5 Great Electric RVs You Need To See (With Pictures)

2019 saw the debut of the world’s first all-electric recreational vehicle, the WOF Iridium EV.

This zero-emission RV is the brainchild of two large German companies, and it sparked a market of future electric RVs.

With the market growing and more Eco-friendly motorhomes emerging, a buyer may not know what the best options are for an electric RV.

We here to help.

Below is a list of some electric RVs that are worth checking out:

The Current Market for Electric RVs:

The market for electric RVs in the United States is still minimal, and the factors that are causing a roadblock for electric RVs include:

  • Size
  • Range
  • Cost
  • Lack of demand

Electric vehicles have only recently been emerging, and the demand is increasing, but not at an overwhelming rate.

While the momentum is growing for the demand of these Eco-friendly electric vehicles, analysts anticipate that the number of electric cars will start increasing from 3 million globally to more than 125 million in the next ten years.

With an emphasis on electric cars, unfortunately, electric RVs have taken the back seat and are somewhat rare to find.

This is especially the case because the majority of RV parks already have an existing electric hookup point.

The Electric RVs On The Market

Despite concerns for the range that electric RVs can cover, some electric motorhomes have made their way from concept to reality, and they are penetrating the RV market.

1. Iridium EV

We briefly touched base on this exciting electric RV that was a world-first for hybrid motorhomes.

The main limitation identified from the first model offering 124 miles of travel range was that the most significant setback in electric RVs is the limited range on offer.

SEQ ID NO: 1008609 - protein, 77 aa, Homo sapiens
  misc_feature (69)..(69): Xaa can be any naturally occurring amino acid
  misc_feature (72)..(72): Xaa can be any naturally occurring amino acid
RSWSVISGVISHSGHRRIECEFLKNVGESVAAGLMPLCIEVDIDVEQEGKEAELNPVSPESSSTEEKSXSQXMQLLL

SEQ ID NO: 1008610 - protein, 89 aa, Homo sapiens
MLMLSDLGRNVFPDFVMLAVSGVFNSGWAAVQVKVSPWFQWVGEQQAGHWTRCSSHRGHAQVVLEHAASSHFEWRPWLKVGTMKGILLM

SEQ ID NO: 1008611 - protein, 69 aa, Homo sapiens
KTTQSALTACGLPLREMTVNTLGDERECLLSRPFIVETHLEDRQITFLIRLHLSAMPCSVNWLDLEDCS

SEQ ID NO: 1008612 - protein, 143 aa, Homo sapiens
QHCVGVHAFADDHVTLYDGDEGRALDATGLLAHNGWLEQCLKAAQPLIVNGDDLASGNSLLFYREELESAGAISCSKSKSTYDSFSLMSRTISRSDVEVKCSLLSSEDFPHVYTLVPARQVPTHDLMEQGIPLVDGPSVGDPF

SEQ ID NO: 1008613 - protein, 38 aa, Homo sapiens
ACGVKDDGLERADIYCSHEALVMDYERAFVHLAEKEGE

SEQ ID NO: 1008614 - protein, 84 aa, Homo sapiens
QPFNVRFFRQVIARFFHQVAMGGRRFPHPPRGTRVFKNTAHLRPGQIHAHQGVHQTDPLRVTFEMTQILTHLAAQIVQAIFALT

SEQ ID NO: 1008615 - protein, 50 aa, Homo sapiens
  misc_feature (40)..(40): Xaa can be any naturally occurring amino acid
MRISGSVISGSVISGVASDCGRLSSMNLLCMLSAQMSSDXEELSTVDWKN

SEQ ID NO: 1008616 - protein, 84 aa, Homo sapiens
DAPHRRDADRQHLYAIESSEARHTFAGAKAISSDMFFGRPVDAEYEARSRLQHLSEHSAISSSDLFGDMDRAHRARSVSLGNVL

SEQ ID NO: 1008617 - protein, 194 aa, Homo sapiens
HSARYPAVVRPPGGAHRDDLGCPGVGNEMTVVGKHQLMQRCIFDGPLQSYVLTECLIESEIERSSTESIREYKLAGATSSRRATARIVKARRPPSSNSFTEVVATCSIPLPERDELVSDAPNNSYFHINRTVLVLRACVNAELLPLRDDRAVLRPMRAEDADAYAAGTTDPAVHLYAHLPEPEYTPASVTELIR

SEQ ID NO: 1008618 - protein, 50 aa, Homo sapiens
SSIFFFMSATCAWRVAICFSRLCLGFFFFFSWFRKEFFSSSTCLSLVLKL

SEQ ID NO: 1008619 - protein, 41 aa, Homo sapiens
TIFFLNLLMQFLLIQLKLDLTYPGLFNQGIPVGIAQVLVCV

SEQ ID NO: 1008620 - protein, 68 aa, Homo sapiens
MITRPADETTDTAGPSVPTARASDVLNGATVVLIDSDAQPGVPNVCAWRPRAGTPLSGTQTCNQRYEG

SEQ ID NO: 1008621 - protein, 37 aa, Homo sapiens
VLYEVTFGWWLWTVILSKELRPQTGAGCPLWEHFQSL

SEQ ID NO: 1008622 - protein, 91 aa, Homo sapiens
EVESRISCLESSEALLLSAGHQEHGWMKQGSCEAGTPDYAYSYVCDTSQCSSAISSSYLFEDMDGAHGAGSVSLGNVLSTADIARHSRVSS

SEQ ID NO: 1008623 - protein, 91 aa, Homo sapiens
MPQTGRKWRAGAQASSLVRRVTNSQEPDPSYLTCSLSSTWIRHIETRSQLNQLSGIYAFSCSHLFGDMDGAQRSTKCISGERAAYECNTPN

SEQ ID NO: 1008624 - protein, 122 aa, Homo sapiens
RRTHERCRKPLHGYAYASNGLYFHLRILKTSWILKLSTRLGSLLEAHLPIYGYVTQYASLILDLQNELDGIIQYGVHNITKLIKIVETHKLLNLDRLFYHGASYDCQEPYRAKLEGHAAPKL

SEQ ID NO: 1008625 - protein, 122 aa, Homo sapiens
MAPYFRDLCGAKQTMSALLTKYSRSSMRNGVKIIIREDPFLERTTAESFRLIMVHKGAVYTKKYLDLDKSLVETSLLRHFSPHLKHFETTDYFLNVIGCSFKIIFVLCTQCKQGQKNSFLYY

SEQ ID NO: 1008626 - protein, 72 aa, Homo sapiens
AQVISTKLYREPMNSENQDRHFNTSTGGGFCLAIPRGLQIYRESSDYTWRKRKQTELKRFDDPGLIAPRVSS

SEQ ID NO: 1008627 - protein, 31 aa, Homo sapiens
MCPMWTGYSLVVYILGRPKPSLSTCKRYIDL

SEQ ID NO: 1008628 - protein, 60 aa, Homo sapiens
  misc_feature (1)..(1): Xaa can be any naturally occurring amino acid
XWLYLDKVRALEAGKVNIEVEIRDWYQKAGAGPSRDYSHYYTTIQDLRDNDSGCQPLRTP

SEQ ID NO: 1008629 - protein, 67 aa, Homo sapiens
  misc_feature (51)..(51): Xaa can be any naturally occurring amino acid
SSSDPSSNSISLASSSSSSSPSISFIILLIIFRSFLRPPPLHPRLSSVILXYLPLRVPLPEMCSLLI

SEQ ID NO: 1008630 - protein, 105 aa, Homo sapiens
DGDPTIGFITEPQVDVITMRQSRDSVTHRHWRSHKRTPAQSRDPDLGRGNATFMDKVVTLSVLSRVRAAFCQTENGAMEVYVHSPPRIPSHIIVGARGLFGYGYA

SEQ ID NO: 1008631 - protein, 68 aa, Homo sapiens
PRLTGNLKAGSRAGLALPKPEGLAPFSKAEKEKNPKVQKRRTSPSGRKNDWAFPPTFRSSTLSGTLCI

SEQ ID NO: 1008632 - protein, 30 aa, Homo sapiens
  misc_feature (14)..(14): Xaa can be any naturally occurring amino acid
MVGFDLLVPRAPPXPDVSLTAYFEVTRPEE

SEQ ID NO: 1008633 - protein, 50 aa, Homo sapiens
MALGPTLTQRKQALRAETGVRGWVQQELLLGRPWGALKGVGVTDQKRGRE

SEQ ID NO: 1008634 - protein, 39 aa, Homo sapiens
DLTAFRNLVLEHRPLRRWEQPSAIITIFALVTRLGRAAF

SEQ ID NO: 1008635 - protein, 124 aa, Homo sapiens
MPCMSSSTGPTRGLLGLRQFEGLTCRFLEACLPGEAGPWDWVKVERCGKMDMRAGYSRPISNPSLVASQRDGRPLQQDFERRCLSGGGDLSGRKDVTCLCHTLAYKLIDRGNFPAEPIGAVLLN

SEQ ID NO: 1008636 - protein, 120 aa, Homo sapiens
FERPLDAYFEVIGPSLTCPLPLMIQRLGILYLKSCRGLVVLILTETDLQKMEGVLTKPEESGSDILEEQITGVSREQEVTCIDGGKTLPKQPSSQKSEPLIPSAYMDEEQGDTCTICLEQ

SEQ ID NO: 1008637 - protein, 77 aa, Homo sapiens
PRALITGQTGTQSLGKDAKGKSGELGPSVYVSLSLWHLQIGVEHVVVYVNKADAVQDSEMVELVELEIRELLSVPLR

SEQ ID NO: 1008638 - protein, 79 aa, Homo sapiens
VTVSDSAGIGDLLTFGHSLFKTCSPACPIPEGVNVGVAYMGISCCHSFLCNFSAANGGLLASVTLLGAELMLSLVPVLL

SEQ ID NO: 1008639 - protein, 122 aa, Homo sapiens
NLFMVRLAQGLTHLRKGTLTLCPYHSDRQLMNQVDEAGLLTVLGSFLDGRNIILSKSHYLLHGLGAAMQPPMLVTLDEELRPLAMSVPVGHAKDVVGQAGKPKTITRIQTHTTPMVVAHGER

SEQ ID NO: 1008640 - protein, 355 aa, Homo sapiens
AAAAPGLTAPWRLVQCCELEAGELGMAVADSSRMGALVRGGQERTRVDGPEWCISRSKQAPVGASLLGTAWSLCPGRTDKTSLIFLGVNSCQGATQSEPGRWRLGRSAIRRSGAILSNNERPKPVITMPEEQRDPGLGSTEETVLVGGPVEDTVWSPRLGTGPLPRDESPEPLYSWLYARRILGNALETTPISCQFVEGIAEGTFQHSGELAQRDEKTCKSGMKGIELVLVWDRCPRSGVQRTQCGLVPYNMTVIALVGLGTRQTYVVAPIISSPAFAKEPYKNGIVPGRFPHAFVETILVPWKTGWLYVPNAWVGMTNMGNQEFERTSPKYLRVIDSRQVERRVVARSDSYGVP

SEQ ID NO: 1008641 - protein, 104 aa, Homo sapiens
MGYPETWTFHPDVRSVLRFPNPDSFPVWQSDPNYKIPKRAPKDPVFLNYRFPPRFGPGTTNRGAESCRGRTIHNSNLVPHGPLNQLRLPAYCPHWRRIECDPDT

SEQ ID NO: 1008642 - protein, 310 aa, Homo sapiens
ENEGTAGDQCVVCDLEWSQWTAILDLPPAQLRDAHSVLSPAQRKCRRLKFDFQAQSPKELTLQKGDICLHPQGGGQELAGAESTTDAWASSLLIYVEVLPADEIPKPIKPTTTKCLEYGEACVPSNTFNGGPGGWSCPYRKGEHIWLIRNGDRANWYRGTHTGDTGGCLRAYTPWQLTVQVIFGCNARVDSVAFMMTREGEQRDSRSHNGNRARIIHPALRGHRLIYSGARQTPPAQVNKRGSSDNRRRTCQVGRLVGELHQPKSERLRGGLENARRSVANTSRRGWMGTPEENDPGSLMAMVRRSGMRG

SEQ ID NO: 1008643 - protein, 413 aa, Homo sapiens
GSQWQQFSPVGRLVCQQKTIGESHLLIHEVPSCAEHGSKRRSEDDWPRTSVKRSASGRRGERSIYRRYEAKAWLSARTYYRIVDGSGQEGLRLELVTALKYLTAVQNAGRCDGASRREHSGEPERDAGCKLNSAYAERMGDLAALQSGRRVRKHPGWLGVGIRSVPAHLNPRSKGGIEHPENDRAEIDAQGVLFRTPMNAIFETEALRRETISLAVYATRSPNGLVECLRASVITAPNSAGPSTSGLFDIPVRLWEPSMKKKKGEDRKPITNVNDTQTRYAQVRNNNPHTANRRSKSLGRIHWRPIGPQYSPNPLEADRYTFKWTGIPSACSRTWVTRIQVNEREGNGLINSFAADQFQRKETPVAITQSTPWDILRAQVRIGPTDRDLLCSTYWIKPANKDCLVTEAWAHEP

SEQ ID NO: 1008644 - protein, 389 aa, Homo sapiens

The Iridium EV returned with a stronger mile-range and can now offer 249 miles, and this electric RV is quite possibly still the strongest on the market with the highest battery pack on offer.

The layout inside this electric RV may be necessary, but it offers a full-house of amenities including:

  • Dry bathroom and shower
  • Kitchen
  • Split double bed
  • dining lounge that can seat five comfortably
  • Swivel front cab seats
  • Dual seat rear bench
  • Awning
  • Navigation
  • Bluetooth connectivity

The two German companies that produced this electric RV are ElektroFahrzeuge Stuttgart (an electric vehicle retrofitter) and WOF (a motorhome manufacturer).

WOF contributed to the production of the commercial vehicle chassis, and ElektroFahrzeuge Stuttgart provided the drivetrain and the battery technology behind the electric RV.

The electric RV that is most similar to the Iridium EV is the Nissan e-NV200.

2. Nissan e-NV200

This RV offers a reasonably small package, but there is some hidden dynamite in its 124-mile range that it has on offer.

Nissan’s pop-top motorhome is available in two configurations, including:

  • Weekender sleeper package
  • Full RV with kitchen

The Nissan e-NV200 is 100% electric and features a rapid charge capability of 40-60 minutes.

The small electric motorhome is ideal for a couple traveling short distances, but it has not been upgraded yet to match the size and features of Class A RVs.

This small hybrid has been testing the waters in Spain and Europe with the potential to reach U.S. shores in the future.

Winnebago Electric RV Technology:

Built by Winnebago and Motiv Power Systems, the zero-emission vehicle is expected to save the health center $750,000 a year, traveling between two hospitals to clean and sterilize surgical equipment, compared to contracting with an off-site, third-party provider to do the work. Built by Winnebago and Motiv Power Systems, the zero-emission vehicle is expected to save the health center $750,000 a year, traveling between two hospitals to clean and sterilize surgical equipment, compared to contracting with an off-site, third-party provider to do the work.

Winnebago has risen with the production of an Eco-friendly RV and has manufactured a class A zero-emission RV that is available on their J33SE and J38SE commercial platforms.

However, this cannot be bought as an RV just yet, so there are not current specs and pricing for this vehicle.

This Winnebago motorhome will be 100% battery-electric and deliver approximately 85-125 miles when fully charged.

Winnebago teamed up with Motiv Power Systems (a company that is specialized in developing powertrains for medium-sized vehicles).